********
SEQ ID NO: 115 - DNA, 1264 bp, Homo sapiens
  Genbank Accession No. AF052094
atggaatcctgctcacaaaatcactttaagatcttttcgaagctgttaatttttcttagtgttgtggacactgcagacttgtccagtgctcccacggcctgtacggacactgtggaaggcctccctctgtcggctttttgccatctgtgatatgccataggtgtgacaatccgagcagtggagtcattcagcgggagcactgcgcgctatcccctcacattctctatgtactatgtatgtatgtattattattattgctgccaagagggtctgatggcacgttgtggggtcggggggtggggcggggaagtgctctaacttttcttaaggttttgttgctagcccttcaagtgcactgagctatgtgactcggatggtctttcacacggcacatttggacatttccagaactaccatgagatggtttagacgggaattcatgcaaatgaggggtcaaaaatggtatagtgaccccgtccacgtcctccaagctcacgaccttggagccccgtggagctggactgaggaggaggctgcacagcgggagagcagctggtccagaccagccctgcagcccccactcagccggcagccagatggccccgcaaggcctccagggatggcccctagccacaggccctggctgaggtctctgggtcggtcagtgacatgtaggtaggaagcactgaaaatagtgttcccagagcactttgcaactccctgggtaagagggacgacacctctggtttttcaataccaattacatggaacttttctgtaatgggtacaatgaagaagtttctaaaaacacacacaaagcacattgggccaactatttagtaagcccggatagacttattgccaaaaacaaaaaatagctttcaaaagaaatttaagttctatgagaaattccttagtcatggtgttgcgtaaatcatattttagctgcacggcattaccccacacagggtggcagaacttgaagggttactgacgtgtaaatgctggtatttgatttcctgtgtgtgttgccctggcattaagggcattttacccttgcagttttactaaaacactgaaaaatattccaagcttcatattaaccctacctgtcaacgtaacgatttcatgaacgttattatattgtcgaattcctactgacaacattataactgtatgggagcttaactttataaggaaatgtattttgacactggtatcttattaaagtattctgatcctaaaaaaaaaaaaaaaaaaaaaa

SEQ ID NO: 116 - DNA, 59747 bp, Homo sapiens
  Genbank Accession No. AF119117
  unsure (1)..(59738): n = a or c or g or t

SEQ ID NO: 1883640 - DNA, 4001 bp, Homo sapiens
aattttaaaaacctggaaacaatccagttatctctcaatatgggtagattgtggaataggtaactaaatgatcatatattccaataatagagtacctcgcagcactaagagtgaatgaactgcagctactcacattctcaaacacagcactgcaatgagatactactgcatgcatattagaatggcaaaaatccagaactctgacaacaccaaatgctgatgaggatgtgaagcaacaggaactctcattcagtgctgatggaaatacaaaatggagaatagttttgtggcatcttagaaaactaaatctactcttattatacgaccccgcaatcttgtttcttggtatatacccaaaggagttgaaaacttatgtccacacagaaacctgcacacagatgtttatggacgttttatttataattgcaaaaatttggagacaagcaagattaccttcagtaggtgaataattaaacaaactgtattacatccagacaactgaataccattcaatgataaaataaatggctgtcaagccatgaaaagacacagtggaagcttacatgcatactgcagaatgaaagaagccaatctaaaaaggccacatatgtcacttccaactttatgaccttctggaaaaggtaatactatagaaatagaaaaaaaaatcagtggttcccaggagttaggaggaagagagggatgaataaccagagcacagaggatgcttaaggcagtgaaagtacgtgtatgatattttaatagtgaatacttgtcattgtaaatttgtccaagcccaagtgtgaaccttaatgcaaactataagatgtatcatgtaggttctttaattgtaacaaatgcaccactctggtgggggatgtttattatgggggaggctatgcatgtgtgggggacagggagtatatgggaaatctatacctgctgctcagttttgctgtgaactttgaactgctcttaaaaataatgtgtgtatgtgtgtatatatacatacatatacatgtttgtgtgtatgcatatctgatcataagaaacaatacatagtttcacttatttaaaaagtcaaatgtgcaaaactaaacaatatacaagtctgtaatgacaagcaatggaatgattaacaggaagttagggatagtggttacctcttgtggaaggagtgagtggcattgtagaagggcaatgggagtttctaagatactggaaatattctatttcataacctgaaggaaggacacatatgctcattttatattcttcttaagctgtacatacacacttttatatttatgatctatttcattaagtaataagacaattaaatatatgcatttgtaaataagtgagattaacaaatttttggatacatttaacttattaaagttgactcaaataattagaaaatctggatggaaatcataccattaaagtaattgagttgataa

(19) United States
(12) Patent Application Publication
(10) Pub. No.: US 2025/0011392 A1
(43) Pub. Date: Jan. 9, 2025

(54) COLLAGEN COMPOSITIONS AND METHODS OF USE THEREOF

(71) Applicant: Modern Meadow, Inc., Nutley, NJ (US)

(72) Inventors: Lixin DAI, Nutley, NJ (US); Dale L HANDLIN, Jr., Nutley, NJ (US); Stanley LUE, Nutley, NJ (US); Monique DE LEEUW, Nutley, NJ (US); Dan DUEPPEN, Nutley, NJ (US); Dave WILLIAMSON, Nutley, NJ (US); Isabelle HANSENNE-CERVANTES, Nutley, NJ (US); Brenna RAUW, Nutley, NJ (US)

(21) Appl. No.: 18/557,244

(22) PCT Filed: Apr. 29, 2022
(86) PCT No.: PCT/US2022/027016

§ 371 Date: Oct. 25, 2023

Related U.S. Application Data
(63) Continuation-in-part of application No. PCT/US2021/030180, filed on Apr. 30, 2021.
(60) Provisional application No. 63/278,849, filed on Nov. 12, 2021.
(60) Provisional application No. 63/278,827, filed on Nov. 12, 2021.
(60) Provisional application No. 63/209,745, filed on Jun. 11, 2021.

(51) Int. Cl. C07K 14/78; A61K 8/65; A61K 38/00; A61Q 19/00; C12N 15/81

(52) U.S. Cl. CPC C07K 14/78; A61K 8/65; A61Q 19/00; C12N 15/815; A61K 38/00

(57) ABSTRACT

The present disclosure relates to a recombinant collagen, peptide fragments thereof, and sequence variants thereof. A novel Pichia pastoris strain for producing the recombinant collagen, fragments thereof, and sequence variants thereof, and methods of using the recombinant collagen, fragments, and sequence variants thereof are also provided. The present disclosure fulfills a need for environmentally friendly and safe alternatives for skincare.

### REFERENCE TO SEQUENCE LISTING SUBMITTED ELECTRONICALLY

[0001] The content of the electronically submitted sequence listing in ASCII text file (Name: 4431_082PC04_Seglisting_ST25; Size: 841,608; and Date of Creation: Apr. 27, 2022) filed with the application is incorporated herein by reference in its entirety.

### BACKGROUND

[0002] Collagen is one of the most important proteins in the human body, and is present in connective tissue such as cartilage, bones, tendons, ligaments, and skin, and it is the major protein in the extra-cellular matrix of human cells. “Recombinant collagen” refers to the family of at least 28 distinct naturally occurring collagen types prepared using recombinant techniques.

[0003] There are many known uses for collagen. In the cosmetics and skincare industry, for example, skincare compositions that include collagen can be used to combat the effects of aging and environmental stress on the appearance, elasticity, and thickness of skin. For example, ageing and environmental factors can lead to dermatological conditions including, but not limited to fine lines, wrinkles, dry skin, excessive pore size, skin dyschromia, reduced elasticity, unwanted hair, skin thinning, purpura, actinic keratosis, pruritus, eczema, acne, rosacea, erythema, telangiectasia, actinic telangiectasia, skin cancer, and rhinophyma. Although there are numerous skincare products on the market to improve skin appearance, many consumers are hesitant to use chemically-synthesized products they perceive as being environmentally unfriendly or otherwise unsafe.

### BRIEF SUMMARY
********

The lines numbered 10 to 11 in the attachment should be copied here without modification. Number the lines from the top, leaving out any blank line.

(12) Patent Application Publication
(10) Pub. No.: US 2025/0011392 A1